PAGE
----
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Genre as Hermeneutical Instrument: Mary Gordon's Novels as Test Case for the “Catholic” Novel

  • Mary Gerhart (a1)

Abstract

Whether a book is a “good book” is a matter not only of taste but also of genre. The genre of every book sets up certain expectations which the reader must engage and assess in order to understand the text. The reader uses genre to differentiate among multiple ways in which texts “work.” Genre minimally enables the reader to avoid the uncritical expectation that the success or failure of a text depends on the presence or absence of a particular theme. Maximally, a generic analysis can suggest new ways of disclosing the religious significance of literary texts. Genre as hypothesis provides a heuristic method for interpreting a text by itself and in relation to others. Generic analysis overcomes the deficiencies of thematic analysis to show how Mary Gordon's Final Payments succeeds as an action novel and The Company of Women as an apologue.

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1 Rosberg, Pat, “A Woman's Emergence into a Narcissistic Land,” Chicago Tribune, 9 April 1978, Sec. 7, p. 1.

2 Both Final Payments and The Company of Women are published by Random House (New York).

3 du Plessix Gray, Francine, “A Religious Romance,” NYTBR (February 15, 1981), 1.

4 du Plessix Gray, p. 26.

5 Gordon, Mary, Final Payments, p. 3.

6 See the distinction made by Sacks, Sheldon in Fiction and the Shape of Belief (Berkeley and Los Angeles: University of California Press, 1957) between satire, apologue and action novels.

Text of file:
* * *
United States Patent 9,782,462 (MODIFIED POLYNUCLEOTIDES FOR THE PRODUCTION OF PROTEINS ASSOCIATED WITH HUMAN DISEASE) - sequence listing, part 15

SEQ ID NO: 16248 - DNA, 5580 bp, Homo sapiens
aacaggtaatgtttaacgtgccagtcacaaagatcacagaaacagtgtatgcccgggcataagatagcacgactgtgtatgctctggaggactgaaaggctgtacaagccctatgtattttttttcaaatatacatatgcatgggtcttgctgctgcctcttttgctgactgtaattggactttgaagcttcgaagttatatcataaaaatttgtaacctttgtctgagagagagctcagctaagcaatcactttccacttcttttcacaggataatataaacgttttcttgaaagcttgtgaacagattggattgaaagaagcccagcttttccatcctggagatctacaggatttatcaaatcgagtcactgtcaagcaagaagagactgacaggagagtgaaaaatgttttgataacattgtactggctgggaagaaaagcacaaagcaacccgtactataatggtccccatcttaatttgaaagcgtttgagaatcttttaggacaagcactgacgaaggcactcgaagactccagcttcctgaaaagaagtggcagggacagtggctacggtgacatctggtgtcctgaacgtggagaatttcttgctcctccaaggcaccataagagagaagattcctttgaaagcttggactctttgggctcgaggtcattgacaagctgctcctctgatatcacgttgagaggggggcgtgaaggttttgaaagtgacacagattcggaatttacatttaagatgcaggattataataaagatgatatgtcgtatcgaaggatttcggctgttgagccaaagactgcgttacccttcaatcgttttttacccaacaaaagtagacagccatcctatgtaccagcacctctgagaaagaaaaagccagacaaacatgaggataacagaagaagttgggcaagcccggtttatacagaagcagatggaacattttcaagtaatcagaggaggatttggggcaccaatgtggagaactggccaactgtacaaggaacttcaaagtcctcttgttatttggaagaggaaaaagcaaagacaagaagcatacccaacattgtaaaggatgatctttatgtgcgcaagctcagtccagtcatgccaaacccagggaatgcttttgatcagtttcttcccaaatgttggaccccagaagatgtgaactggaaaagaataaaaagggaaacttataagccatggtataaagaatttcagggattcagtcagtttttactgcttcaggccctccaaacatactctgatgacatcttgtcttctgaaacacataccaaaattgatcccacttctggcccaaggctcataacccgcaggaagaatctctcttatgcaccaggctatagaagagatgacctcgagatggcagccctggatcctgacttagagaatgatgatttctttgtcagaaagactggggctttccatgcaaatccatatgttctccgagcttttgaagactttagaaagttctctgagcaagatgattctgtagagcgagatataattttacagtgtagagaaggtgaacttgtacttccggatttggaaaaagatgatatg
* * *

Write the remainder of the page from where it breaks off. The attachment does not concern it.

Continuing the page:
7 du Plessix Gray, p. 26.

8 Much more restrained in tone, the passage recalls an epiphany from Portrait of the Artist as a Young Man (New York: Viking Compass, 1956 [1916]), pp. 170–71. After Stephen has rejected the vocation of priesthood for himself, he sees a girl gazing out to the sea: “Where was his boyhood now? Where was the soul that had hung back from her destiny …? He turned away from her suddenly and set off across the strand…. On and on and on and on he strode, far out over the sands, singing wildly to the sea, crying to greet the advent of the life that had cried to him….”

9 See Sacks, Fiction and the Shape of Belief.

10 Eliot, T. S., Notes Toward a Definition of Culture (New York: Harcourt, Brace, 1949), p. 29.

11 See Generic Studies: Their Renewed Importance in Religious and Literary Interpretation,” Journal of the American Academy of Religion 45 (1977), 309–25.

12 Hirsch, E. D., Validity in Interpretation (New Haven: Yale University Press, 1967).

13 In “The Catholic Novel: A Generic Approach,” an unpublished paper presented as the Ida Mae Wilson Lecture, Vanderbilt University, October 10,1980,1 define the Catholic novel in relation to the “new” novel, the apologue, the fantastic or occult novel, and the naturalistic novel.

14 Todorov, Tzvétan, The Fantastic: A Structural Approach to the Literary Genre (Cleveland: Case Western Reserve University Press, 1973), p. 3.

15 du Plessix Gray, p. 26.

16 See, for example, Tracy, David, A Blessed Rage for Order (New York: Seabury, 1975), pp. 2242.

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Horizons
  • ISSN: 0360-9669
  • EISSN: 2050-8557
  • URL: /core/journals/horizons
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